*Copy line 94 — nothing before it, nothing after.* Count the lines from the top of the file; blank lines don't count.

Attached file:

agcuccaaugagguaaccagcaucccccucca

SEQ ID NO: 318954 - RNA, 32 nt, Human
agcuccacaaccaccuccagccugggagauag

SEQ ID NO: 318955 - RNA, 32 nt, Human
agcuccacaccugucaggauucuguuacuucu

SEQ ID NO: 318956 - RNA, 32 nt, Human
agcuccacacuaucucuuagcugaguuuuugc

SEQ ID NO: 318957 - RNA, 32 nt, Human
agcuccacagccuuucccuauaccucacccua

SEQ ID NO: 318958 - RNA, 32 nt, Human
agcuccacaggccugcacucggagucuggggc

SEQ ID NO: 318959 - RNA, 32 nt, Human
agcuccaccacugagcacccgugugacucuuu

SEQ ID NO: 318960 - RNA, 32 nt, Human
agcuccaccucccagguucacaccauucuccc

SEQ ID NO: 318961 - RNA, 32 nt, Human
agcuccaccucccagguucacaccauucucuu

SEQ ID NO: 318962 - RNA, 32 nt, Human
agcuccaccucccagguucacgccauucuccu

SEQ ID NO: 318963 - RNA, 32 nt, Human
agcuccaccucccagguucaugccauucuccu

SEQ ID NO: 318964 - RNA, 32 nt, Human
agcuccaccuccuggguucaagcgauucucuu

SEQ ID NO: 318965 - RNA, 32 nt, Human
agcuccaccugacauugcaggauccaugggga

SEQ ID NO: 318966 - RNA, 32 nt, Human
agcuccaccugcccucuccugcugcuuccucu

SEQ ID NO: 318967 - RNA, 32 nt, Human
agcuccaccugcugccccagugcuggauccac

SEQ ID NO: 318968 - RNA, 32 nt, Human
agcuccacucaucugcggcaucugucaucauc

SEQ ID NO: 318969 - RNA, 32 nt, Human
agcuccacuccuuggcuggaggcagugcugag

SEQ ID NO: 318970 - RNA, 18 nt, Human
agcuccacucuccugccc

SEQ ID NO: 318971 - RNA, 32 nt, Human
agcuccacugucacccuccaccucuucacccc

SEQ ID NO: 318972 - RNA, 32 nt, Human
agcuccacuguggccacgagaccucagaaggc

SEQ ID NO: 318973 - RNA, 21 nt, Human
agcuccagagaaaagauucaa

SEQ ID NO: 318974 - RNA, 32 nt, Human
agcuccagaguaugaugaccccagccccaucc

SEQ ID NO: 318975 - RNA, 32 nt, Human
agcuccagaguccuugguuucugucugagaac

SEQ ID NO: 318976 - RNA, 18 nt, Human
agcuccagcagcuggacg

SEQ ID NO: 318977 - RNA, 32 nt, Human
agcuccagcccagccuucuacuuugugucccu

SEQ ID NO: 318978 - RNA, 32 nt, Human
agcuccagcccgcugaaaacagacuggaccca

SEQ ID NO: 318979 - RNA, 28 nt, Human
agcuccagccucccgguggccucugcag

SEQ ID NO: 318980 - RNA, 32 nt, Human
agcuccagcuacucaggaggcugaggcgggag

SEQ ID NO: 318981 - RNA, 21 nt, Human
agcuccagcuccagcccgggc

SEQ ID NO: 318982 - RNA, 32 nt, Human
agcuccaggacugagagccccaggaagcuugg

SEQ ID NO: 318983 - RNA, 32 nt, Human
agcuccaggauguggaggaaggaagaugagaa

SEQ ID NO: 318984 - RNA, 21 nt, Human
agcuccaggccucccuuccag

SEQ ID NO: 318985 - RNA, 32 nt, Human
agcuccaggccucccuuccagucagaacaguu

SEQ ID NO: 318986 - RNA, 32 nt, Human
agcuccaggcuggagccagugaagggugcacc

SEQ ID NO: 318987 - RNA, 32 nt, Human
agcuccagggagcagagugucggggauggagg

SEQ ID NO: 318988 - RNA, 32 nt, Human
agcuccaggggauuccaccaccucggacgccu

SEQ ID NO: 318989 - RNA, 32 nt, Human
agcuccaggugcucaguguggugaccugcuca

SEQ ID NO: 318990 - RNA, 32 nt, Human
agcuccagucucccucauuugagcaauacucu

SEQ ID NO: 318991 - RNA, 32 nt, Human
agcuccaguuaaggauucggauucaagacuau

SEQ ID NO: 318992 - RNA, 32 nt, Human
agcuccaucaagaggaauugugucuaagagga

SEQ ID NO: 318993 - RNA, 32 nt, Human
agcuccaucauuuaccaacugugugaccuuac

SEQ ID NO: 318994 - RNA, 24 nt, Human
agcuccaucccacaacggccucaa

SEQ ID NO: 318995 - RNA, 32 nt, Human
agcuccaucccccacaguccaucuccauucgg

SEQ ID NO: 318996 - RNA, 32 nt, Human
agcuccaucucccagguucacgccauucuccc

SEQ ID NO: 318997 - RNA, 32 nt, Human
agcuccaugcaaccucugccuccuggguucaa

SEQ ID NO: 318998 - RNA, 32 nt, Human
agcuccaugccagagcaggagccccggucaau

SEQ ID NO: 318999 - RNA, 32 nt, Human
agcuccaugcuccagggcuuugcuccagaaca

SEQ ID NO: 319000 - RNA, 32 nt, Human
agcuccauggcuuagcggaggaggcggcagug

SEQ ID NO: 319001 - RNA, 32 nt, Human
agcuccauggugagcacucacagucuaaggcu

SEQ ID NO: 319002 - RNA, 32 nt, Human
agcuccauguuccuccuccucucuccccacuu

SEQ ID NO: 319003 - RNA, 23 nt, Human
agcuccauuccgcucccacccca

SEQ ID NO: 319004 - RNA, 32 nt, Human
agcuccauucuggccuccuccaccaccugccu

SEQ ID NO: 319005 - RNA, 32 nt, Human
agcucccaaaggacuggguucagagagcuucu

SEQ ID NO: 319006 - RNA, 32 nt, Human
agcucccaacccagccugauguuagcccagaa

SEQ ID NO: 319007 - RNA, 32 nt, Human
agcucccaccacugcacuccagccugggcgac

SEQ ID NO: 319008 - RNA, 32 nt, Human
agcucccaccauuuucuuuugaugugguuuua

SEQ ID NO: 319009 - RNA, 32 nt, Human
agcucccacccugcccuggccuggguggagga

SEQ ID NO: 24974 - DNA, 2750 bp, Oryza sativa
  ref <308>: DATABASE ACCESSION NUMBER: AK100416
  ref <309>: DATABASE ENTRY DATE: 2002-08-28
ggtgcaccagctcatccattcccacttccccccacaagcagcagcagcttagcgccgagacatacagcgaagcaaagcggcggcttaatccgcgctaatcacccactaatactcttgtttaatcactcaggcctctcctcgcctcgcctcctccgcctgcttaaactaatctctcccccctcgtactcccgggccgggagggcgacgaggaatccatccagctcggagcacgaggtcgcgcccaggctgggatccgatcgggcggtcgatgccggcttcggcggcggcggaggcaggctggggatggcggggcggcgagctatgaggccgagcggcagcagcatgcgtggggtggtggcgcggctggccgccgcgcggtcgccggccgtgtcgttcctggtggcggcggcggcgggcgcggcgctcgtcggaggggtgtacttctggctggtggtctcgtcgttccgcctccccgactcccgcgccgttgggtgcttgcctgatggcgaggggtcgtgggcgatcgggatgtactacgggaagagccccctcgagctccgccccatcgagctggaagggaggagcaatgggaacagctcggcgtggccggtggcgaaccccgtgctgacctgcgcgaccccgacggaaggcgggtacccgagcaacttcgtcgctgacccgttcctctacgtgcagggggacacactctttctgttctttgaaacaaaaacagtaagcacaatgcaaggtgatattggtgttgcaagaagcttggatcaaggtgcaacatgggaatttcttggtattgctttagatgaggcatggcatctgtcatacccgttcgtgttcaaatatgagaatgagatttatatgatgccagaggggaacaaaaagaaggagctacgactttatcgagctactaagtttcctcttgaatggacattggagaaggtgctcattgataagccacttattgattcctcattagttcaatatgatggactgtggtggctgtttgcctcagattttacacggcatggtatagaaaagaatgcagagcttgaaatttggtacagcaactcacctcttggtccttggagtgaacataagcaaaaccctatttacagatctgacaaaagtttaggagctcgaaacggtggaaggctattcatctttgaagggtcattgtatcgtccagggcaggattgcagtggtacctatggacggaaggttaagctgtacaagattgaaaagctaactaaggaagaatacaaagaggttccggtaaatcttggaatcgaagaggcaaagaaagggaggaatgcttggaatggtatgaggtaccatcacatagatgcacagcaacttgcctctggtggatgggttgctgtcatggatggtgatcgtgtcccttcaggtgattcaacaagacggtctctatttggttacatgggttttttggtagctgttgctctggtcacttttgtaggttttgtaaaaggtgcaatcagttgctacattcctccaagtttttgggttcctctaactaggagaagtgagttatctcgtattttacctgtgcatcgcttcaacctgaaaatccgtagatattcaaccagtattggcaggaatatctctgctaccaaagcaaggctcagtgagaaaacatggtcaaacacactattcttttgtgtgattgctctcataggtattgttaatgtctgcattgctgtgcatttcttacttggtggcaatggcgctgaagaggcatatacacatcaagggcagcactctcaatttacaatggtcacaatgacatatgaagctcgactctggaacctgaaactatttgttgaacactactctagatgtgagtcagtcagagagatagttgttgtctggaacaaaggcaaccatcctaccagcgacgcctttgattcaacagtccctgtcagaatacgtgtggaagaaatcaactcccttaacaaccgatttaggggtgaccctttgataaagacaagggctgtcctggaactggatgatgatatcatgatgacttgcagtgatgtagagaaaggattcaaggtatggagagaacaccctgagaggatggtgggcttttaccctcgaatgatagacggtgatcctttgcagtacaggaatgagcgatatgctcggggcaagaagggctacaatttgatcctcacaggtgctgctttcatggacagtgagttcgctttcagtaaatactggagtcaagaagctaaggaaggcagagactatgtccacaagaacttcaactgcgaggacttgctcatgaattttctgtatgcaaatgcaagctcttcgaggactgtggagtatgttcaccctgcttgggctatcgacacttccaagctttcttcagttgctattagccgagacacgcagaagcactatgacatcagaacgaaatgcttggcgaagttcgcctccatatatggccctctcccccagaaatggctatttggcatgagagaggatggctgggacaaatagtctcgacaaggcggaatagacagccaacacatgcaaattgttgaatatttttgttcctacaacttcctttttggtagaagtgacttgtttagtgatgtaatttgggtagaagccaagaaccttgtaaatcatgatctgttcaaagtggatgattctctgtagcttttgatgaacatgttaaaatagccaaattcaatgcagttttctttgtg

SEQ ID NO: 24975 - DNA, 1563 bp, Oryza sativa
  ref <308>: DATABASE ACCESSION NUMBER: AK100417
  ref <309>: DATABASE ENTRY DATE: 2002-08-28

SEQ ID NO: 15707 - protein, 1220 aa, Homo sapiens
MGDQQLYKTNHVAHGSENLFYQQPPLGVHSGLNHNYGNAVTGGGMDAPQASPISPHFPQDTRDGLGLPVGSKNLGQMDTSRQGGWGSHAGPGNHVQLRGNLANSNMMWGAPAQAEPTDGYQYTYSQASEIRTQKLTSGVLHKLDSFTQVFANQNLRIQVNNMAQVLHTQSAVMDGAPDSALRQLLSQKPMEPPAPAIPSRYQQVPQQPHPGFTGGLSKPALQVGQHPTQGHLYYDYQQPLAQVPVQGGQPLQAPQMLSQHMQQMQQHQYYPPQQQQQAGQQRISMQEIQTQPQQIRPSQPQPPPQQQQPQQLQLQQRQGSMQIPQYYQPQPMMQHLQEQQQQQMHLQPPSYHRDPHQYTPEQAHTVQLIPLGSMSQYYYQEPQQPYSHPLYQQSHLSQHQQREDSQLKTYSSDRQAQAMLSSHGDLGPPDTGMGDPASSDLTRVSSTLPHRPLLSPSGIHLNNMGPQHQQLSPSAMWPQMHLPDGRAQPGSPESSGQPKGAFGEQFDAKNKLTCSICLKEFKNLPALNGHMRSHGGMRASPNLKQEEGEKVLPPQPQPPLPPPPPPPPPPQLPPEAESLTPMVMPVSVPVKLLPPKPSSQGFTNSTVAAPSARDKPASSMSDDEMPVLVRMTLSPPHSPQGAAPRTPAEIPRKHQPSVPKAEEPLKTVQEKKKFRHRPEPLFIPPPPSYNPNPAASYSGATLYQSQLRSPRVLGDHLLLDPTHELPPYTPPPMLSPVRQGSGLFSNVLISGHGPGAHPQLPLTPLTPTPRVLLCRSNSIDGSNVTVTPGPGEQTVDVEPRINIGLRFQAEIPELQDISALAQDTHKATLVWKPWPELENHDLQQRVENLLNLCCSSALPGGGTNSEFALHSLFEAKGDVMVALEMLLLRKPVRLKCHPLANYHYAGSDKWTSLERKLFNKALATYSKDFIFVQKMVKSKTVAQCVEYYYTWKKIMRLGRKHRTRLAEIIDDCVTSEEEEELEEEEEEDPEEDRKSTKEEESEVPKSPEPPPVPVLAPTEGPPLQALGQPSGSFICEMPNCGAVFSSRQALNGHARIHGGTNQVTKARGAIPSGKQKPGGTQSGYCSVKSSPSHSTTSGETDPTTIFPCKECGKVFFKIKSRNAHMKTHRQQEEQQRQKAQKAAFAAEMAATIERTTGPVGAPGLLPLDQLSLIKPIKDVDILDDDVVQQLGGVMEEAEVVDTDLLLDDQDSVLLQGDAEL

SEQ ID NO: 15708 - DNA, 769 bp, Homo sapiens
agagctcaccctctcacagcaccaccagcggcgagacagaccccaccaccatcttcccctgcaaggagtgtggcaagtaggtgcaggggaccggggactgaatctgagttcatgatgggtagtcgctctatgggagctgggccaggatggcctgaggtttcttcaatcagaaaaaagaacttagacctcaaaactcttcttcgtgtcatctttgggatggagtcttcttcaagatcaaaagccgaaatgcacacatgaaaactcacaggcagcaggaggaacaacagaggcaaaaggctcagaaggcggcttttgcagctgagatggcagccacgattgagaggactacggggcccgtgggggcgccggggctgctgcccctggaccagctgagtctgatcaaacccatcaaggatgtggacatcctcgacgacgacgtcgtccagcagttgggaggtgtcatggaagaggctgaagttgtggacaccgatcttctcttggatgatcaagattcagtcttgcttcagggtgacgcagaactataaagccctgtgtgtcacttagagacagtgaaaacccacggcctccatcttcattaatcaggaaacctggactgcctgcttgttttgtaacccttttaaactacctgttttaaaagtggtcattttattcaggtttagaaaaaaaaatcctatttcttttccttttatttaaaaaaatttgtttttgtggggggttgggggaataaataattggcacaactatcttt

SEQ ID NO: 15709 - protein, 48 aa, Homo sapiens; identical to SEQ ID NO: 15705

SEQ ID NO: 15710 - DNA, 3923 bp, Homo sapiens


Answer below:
SEQ ID NO: 319000 - RNA, 32 nt, Human